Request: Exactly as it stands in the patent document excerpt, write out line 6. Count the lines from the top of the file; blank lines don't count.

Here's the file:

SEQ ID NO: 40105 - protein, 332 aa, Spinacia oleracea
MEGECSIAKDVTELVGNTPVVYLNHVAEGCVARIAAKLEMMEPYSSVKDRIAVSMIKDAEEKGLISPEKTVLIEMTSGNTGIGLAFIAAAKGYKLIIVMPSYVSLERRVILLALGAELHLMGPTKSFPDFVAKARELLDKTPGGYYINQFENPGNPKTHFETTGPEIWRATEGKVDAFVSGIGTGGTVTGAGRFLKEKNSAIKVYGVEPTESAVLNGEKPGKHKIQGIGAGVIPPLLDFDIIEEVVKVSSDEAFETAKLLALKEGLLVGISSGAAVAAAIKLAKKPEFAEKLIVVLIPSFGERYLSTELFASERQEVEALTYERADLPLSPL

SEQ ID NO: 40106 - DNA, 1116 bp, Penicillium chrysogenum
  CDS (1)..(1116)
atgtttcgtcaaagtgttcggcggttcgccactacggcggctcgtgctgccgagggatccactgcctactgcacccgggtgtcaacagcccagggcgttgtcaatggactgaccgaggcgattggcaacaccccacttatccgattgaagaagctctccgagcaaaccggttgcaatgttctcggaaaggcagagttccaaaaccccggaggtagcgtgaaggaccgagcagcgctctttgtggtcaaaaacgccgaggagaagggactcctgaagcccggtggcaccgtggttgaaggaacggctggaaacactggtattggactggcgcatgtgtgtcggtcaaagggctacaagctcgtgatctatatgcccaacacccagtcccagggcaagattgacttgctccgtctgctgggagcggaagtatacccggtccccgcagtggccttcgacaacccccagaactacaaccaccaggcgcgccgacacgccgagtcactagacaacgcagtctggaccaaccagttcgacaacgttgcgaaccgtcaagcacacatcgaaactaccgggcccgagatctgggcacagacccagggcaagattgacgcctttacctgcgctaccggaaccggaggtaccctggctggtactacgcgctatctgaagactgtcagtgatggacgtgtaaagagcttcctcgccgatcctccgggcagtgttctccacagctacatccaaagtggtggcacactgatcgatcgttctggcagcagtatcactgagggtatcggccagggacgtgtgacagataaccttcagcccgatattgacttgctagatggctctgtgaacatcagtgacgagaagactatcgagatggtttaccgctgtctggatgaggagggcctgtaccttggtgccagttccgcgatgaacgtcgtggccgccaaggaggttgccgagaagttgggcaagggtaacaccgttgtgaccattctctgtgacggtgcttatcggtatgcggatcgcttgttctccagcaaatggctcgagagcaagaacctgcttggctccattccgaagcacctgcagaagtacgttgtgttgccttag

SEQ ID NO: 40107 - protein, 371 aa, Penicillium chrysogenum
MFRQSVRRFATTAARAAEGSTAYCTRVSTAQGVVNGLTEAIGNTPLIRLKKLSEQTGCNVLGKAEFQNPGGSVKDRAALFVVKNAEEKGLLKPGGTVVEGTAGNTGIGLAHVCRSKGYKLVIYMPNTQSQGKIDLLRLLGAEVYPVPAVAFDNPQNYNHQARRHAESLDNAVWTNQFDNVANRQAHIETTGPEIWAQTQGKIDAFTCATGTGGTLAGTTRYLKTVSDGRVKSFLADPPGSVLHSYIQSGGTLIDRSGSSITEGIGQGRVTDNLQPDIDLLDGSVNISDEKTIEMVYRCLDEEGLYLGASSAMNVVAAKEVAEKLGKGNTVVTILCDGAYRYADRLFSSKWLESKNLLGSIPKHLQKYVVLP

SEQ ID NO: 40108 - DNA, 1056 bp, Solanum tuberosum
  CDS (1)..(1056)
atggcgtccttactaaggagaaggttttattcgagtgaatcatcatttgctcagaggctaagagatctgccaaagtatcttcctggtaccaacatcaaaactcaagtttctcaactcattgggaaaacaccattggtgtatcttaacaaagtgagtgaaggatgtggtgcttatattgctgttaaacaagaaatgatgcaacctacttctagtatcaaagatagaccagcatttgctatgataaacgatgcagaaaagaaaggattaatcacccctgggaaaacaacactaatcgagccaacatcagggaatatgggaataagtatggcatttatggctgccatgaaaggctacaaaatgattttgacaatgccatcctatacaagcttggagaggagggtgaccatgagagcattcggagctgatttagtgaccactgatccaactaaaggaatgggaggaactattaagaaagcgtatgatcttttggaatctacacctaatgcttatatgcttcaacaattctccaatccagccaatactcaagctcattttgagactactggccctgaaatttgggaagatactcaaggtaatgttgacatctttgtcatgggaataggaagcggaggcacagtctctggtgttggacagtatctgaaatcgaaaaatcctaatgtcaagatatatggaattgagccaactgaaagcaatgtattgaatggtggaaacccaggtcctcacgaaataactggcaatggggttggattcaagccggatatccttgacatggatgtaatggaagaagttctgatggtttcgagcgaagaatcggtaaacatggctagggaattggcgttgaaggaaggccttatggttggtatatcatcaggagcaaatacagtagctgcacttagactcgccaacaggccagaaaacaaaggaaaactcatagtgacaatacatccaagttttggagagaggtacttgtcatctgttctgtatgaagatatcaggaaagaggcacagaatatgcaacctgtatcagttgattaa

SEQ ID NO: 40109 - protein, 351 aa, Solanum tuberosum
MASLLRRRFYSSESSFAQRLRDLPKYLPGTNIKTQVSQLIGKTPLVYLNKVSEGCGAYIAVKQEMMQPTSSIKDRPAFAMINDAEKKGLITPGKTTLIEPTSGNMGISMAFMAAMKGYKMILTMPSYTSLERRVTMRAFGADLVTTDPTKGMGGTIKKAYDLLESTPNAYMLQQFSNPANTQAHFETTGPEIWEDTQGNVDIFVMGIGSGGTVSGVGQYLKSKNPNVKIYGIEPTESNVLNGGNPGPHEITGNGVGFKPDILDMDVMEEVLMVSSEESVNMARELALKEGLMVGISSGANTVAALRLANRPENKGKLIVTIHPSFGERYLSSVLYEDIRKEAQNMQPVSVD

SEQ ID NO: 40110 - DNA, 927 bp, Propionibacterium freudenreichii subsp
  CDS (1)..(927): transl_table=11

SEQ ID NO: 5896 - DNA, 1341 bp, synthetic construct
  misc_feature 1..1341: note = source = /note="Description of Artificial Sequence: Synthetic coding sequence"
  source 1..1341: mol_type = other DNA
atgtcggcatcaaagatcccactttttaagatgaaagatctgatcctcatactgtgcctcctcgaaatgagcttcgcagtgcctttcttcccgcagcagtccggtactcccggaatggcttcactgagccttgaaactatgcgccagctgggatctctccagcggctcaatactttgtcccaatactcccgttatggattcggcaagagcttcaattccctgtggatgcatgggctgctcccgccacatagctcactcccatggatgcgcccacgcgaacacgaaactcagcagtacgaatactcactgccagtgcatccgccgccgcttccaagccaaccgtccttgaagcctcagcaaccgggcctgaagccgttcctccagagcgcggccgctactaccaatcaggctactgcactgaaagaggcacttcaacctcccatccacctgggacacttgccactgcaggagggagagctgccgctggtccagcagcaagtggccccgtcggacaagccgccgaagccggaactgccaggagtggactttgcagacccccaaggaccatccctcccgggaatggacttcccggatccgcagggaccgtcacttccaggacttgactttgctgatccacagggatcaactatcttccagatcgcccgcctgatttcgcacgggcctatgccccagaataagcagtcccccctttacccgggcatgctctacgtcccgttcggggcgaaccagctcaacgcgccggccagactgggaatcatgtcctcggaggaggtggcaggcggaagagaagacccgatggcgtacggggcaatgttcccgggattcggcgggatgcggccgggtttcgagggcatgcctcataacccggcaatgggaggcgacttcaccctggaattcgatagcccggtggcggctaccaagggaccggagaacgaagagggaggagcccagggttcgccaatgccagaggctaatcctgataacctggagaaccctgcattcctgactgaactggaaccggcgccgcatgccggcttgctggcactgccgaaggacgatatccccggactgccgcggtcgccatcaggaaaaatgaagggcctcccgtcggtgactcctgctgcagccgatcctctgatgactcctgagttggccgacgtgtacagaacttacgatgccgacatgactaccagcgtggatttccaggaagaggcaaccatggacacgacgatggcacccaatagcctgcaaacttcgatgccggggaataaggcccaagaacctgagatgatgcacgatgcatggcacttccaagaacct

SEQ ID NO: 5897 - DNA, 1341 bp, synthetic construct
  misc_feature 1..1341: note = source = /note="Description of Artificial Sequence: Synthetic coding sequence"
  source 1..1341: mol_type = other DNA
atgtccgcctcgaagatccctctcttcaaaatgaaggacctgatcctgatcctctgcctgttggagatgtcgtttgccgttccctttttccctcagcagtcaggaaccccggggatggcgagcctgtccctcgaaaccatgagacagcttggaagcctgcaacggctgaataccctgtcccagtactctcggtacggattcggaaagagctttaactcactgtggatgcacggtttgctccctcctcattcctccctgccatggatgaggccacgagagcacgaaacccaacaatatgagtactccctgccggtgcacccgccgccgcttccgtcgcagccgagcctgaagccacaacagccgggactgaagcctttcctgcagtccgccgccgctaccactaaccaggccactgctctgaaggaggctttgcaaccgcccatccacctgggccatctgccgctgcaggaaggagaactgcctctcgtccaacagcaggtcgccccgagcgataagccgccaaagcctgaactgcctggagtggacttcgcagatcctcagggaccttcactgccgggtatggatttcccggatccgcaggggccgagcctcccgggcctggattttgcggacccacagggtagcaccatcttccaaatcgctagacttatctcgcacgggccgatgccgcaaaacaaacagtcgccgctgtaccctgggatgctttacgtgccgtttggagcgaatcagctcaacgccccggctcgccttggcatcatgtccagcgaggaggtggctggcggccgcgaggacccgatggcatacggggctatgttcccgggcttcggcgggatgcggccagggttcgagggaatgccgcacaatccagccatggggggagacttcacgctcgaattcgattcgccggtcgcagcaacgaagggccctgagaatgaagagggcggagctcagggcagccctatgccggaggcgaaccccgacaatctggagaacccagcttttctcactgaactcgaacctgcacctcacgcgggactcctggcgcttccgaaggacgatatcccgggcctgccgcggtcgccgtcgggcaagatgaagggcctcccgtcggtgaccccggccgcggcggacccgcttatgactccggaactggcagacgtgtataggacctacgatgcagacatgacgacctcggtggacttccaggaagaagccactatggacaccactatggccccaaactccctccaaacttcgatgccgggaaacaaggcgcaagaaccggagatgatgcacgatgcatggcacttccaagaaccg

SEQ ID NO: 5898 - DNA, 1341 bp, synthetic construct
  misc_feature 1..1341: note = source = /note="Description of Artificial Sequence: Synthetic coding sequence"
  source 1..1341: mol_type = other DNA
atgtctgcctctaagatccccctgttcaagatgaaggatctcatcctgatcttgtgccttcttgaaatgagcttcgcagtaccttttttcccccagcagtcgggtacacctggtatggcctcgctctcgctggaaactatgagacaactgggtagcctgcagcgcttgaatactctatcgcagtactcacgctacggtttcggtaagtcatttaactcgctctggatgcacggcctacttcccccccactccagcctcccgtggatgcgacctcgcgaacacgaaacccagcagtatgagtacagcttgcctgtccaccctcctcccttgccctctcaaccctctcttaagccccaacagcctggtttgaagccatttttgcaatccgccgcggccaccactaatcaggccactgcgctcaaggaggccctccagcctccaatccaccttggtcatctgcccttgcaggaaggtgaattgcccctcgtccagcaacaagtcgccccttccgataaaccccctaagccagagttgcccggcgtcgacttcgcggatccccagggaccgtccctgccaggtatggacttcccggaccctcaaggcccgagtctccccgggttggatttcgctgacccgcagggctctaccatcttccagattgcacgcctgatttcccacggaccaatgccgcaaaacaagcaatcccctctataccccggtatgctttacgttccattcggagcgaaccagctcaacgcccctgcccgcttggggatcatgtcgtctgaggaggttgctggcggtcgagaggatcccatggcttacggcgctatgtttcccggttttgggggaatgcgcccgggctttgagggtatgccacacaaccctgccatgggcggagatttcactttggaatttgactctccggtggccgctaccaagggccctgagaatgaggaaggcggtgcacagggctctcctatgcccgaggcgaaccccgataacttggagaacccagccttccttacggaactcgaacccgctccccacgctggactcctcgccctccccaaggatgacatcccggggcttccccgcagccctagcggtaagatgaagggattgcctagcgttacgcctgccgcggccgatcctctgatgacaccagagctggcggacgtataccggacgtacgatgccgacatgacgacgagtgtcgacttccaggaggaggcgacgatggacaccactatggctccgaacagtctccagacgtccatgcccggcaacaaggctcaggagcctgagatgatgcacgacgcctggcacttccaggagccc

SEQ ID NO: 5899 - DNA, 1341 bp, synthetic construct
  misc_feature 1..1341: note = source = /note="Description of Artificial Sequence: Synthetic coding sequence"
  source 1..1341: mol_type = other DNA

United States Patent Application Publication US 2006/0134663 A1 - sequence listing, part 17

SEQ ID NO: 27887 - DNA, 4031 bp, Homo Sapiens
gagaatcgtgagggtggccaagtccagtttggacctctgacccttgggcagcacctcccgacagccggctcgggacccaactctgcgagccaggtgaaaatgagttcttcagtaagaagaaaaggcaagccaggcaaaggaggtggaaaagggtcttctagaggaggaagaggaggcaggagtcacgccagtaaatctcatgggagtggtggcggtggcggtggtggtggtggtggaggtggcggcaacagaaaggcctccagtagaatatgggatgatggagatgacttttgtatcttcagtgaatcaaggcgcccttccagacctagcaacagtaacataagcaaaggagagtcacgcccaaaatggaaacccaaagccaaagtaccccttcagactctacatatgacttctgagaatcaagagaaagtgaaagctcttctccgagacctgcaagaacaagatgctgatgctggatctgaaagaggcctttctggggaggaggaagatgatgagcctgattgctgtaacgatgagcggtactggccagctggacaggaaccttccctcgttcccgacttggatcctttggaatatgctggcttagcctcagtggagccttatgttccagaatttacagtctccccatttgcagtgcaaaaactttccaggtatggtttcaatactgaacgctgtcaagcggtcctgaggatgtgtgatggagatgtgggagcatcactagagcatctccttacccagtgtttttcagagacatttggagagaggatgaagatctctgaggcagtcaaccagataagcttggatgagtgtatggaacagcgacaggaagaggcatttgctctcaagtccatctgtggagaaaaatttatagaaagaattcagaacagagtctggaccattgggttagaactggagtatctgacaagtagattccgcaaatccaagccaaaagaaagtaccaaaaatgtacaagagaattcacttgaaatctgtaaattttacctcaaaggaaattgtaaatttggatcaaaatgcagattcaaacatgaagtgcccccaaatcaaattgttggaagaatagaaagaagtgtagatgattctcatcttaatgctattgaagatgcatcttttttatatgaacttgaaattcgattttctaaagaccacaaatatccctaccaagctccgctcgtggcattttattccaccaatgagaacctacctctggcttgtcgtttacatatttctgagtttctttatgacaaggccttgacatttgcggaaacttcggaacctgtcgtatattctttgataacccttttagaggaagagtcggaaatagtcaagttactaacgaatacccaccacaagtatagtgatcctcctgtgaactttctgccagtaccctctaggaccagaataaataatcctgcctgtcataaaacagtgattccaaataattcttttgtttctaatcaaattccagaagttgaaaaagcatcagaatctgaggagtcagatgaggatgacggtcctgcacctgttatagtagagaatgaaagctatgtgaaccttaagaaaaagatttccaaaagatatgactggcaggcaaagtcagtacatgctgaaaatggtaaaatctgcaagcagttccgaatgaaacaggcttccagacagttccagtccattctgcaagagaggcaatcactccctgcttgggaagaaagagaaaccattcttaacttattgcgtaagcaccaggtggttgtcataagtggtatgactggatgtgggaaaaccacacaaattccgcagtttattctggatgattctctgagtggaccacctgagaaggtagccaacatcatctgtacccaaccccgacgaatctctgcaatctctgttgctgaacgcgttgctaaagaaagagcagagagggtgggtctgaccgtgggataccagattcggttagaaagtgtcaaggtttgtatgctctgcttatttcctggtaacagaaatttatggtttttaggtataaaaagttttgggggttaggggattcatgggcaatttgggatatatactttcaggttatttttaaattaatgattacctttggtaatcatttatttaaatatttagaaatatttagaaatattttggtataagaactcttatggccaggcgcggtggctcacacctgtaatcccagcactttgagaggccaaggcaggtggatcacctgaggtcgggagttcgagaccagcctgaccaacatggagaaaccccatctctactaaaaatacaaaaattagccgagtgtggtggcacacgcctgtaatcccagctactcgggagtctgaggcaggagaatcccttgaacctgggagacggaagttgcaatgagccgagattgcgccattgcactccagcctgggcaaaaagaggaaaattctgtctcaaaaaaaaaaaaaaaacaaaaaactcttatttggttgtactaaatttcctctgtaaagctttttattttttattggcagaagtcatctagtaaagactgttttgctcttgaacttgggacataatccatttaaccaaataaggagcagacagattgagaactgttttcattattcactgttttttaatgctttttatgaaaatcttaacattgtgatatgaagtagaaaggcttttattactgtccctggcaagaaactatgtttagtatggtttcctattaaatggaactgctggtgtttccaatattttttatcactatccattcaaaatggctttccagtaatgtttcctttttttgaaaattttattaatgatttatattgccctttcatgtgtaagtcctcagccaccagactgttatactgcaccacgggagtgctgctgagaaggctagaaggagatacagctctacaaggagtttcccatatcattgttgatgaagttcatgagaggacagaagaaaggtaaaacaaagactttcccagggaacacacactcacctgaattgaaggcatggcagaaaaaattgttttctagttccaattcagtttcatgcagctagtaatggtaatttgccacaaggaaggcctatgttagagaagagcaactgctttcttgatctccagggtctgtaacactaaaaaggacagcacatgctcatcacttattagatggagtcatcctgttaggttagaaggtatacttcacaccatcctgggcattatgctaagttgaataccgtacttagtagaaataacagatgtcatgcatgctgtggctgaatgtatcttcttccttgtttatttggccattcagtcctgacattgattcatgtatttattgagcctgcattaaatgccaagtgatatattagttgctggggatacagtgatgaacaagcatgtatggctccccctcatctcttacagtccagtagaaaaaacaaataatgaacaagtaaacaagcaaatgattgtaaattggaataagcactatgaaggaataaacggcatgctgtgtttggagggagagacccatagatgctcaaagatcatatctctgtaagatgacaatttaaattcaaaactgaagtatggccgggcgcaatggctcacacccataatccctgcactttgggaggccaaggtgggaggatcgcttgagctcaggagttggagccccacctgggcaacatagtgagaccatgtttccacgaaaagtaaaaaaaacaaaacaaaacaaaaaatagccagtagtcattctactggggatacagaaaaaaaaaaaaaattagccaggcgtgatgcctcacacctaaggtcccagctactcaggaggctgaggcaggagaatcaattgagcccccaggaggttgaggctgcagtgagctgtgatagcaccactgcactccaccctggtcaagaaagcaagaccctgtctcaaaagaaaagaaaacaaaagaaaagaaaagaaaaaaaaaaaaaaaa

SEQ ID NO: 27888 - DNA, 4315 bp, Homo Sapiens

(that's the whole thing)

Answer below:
SEQ ID NO: 40107 - protein, 371 aa, Penicillium chrysogenum